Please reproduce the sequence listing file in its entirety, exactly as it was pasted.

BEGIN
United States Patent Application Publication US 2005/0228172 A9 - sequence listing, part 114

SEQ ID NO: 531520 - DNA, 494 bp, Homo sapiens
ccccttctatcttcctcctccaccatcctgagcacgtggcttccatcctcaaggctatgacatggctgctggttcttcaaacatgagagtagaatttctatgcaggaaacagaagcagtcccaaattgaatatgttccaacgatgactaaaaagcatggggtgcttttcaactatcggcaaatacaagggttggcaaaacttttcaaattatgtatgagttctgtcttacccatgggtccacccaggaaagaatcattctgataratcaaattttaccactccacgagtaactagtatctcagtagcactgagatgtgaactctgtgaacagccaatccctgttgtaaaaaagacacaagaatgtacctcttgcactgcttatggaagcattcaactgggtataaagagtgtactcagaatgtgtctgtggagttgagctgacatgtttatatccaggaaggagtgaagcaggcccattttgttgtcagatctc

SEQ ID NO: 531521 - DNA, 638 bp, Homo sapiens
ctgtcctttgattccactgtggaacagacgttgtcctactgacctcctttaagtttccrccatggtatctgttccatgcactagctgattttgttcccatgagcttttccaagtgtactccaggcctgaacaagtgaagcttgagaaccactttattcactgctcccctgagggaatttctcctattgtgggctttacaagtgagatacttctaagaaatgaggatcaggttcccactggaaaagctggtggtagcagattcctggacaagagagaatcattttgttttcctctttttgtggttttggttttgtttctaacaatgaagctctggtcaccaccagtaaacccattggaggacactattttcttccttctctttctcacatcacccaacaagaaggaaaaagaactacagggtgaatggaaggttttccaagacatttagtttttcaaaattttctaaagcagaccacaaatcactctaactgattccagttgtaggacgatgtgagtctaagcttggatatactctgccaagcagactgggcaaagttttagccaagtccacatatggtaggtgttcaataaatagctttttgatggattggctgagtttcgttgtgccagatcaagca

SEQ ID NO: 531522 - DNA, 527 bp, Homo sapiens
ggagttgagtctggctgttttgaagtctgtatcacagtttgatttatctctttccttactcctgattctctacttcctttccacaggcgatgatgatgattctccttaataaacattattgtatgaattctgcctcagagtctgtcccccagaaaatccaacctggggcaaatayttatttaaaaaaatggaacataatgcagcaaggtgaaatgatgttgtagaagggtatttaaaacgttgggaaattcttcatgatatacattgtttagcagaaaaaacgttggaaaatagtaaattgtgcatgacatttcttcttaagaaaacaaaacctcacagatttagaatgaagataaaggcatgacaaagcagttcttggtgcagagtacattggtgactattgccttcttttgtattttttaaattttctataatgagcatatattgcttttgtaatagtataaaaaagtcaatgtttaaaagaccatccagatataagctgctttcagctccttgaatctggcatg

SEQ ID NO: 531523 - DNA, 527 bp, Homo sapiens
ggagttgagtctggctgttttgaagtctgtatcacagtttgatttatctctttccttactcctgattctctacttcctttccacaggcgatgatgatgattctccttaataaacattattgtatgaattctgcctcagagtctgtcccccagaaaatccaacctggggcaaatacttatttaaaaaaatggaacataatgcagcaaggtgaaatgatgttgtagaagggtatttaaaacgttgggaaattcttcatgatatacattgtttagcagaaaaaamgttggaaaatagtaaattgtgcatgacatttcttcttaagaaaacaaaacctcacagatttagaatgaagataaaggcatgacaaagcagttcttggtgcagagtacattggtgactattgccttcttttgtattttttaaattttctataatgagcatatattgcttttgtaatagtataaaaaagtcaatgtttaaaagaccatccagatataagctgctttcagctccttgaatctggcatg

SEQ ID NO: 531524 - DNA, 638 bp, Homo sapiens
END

United States Patent Application Publication US 2005/0228172 A9 - sequence listing, part 114

SEQ ID NO: 531520 - DNA, 494 bp, Homo sapiens
ccccttctatcttcctcctccaccatcctgagcacgtggcttccatcctcaaggctatgacatggctgctggttcttcaaacatgagagtagaatttctatgcaggaaacagaagcagtcccaaattgaatatgttccaacgatgactaaaaagcatggggtgcttttcaactatcggcaaatacaagggttggcaaaacttttcaaattatgtatgagttctgtcttacccatgggtccacccaggaaagaatcattctgataratcaaattttaccactccacgagtaactagtatctcagtagcactgagatgtgaactctgtgaacagccaatccctgttgtaaaaaagacacaagaatgtacctcttgcactgcttatggaagcattcaactgggtataaagagtgtactcagaatgtgtctgtggagttgagctgacatgtttatatccaggaaggagtgaagcaggcccattttgttgtcagatctc

SEQ ID NO: 531521 - DNA, 638 bp, Homo sapiens
ctgtcctttgattccactgtggaacagacgttgtcctactgacctcctttaagtttccrccatggtatctgttccatgcactagctgattttgttcccatgagcttttccaagtgtactccaggcctgaacaagtgaagcttgagaaccactttattcactgctcccctgagggaatttctcctattgtgggctttacaagtgagatacttctaagaaatgaggatcaggttcccactggaaaagctggtggtagcagattcctggacaagagagaatcattttgttttcctctttttgtggttttggttttgtttctaacaatgaagctctggtcaccaccagtaaacccattggaggacactattttcttccttctctttctcacatcacccaacaagaaggaaaaagaactacagggtgaatggaaggttttccaagacatttagtttttcaaaattttctaaagcagaccacaaatcactctaactgattccagttgtaggacgatgtgagtctaagcttggatatactctgccaagcagactgggcaaagttttagccaagtccacatatggtaggtgttcaataaatagctttttgatggattggctgagtttcgttgtgccagatcaagca

SEQ ID NO: 531522 - DNA, 527 bp, Homo sapiens
ggagttgagtctggctgttttgaagtctgtatcacagtttgatttatctctttccttactcctgattctctacttcctttccacaggcgatgatgatgattctccttaataaacattattgtatgaattctgcctcagagtctgtcccccagaaaatccaacctggggcaaatayttatttaaaaaaatggaacataatgcagcaaggtgaaatgatgttgtagaagggtatttaaaacgttgggaaattcttcatgatatacattgtttagcagaaaaaacgttggaaaatagtaaattgtgcatgacatttcttcttaagaaaacaaaacctcacagatttagaatgaagataaaggcatgacaaagcagttcttggtgcagagtacattggtgactattgccttcttttgtattttttaaattttctataatgagcatatattgcttttgtaatagtataaaaaagtcaatgtttaaaagaccatccagatataagctgctttcagctccttgaatctggcatg

SEQ ID NO: 531523 - DNA, 527 bp, Homo sapiens
ggagttgagtctggctgttttgaagtctgtatcacagtttgatttatctctttccttactcctgattctctacttcctttccacaggcgatgatgatgattctccttaataaacattattgtatgaattctgcctcagagtctgtcccccagaaaatccaacctggggcaaatacttatttaaaaaaatggaacataatgcagcaaggtgaaatgatgttgtagaagggtatttaaaacgttgggaaattcttcatgatatacattgtttagcagaaaaaamgttggaaaatagtaaattgtgcatgacatttcttcttaagaaaacaaaacctcacagatttagaatgaagataaaggcatgacaaagcagttcttggtgcagagtacattggtgactattgccttcttttgtattttttaaattttctataatgagcatatattgcttttgtaatagtataaaaaagtcaatgtttaaaagaccatccagatataagctgctttcagctccttgaatctggcatg

SEQ ID NO: 531524 - DNA, 638 bp, Homo sapiens